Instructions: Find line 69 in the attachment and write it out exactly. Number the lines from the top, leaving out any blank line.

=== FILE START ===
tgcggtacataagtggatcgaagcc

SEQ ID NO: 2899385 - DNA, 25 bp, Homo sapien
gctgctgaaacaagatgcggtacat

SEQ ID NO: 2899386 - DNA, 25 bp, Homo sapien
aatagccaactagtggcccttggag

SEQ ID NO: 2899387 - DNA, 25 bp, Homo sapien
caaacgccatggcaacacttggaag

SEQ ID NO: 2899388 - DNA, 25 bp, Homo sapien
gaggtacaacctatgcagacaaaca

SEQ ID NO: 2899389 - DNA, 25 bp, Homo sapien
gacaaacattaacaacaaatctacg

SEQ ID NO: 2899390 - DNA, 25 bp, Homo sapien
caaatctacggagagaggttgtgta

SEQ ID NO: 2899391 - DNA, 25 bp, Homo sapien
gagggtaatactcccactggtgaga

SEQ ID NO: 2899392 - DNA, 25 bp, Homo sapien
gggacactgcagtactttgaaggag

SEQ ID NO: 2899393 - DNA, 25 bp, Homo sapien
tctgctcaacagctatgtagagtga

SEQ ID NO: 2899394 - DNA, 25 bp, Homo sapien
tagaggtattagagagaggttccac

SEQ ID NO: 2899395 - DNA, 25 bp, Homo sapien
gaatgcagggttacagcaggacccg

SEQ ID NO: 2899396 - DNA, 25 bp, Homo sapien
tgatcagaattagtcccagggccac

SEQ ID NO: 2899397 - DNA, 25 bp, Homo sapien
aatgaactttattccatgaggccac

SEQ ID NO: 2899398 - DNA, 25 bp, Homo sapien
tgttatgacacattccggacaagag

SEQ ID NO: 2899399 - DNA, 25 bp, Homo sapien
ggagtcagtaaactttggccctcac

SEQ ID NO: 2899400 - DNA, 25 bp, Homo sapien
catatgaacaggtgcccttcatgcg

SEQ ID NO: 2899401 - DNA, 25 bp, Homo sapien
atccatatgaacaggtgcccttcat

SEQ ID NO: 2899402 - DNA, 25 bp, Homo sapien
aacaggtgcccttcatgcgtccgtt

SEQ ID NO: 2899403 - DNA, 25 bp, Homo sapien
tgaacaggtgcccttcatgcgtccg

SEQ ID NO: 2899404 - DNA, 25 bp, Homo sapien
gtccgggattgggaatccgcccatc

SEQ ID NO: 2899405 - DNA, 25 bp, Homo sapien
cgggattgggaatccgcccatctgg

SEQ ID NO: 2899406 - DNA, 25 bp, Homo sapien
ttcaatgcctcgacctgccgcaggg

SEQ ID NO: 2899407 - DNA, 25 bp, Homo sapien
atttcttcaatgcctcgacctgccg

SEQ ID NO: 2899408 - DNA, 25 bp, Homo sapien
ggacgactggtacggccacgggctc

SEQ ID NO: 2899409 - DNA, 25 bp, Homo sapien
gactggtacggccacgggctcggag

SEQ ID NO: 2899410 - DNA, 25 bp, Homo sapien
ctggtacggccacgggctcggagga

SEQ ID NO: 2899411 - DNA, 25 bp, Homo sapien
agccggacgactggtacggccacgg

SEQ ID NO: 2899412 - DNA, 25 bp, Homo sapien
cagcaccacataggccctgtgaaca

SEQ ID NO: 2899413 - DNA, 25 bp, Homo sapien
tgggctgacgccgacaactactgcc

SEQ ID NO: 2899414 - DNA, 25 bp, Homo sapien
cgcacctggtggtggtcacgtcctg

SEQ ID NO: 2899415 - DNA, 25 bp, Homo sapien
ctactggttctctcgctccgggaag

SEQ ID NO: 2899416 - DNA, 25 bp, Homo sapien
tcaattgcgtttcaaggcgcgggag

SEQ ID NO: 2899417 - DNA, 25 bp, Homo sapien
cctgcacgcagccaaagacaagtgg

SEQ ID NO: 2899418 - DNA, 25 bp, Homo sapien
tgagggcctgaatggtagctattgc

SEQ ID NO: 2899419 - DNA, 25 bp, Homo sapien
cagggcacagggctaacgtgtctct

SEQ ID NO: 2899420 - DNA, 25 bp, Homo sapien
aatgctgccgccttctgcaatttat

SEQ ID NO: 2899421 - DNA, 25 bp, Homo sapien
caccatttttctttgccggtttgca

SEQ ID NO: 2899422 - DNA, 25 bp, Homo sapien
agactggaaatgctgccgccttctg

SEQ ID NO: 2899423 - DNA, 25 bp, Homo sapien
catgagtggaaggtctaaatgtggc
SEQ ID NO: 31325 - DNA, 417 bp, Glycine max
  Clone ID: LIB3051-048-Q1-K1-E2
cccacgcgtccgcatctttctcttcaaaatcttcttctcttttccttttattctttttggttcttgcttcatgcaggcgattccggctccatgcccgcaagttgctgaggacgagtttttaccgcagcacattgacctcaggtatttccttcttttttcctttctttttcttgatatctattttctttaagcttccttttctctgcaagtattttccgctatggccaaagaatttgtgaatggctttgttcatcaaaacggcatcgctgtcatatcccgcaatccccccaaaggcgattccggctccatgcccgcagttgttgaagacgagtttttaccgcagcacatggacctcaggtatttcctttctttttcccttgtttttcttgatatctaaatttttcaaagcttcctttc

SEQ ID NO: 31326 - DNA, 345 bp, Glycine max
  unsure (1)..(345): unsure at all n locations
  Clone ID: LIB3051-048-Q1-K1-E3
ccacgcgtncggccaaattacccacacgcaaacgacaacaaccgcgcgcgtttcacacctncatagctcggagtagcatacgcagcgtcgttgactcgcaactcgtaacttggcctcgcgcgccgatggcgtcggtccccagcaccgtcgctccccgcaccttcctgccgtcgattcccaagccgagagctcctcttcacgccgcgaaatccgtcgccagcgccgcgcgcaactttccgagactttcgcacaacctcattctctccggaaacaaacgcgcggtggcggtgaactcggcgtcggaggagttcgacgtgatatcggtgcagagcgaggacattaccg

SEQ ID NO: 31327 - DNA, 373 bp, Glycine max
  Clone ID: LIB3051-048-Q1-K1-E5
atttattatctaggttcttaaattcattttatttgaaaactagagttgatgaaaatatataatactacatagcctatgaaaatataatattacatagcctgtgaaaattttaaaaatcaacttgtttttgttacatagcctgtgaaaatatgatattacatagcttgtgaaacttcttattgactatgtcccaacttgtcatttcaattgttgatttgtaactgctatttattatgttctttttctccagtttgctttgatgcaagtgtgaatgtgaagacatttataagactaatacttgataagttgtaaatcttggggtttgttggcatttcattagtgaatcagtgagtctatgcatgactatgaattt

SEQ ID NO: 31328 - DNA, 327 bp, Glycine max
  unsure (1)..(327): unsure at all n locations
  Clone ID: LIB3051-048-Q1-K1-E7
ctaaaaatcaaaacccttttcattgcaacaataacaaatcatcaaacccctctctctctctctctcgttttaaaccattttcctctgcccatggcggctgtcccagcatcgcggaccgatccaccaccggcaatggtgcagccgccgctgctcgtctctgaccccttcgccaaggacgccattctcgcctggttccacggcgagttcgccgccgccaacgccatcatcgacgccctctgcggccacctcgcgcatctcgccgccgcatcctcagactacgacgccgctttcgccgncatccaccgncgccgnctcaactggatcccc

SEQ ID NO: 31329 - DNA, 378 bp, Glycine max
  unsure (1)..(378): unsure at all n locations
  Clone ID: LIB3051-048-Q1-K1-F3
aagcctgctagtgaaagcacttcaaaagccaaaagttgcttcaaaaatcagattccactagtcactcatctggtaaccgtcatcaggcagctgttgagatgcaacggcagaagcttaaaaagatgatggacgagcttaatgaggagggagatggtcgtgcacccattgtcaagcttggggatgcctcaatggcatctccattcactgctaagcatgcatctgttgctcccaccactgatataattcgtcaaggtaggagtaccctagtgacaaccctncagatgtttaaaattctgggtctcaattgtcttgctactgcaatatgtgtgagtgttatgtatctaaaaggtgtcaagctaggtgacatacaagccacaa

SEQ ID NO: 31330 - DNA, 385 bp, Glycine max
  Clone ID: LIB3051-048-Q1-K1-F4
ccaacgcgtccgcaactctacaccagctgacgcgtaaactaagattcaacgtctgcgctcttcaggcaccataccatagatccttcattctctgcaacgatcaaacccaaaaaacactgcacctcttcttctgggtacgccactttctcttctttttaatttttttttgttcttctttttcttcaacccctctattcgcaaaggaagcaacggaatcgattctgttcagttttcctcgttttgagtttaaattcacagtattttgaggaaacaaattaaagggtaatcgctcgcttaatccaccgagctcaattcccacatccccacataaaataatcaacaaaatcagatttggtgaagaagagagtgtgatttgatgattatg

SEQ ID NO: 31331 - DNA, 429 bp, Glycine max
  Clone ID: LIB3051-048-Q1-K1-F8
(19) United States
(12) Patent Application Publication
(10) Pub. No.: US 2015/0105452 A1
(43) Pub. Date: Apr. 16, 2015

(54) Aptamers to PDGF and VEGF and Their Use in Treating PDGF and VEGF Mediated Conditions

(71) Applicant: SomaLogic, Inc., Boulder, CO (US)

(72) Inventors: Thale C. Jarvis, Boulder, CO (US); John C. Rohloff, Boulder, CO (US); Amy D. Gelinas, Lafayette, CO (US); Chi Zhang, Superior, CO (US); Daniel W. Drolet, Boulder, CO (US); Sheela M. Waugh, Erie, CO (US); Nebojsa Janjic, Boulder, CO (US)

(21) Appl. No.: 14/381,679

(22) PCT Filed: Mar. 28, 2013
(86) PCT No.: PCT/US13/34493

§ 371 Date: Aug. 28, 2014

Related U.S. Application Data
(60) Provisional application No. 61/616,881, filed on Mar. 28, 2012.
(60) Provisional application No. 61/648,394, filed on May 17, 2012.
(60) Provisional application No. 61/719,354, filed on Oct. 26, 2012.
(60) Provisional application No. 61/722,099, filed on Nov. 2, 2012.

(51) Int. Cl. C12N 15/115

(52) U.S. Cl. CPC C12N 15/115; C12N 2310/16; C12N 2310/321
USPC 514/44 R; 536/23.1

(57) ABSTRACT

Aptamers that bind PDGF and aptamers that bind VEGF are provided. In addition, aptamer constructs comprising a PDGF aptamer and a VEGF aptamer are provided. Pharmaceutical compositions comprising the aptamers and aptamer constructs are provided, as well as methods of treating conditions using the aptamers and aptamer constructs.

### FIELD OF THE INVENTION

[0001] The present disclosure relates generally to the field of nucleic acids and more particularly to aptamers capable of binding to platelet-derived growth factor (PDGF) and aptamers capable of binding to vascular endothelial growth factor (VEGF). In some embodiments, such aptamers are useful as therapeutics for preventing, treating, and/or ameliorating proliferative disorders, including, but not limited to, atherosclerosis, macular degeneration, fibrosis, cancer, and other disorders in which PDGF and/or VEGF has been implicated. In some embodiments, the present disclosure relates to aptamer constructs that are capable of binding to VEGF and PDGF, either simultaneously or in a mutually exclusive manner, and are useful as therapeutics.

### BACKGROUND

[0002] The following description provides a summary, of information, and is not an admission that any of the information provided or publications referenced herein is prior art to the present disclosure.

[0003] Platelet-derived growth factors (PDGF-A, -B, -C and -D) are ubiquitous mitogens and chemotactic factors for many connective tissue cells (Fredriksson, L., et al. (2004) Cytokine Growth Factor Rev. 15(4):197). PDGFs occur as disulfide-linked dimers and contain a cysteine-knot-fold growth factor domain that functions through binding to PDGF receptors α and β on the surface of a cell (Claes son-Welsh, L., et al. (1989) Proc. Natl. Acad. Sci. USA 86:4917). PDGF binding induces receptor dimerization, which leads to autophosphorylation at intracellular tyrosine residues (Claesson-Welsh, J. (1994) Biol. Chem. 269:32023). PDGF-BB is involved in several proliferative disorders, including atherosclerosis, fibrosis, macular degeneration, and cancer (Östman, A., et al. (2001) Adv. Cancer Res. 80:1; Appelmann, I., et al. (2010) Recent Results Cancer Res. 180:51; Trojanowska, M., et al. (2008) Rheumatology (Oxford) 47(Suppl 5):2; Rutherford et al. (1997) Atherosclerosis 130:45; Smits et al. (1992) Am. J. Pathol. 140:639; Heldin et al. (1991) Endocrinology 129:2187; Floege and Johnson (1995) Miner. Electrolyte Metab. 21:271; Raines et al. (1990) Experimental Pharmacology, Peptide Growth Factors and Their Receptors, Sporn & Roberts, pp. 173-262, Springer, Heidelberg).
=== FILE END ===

tgagggcctgaatggtagctattgc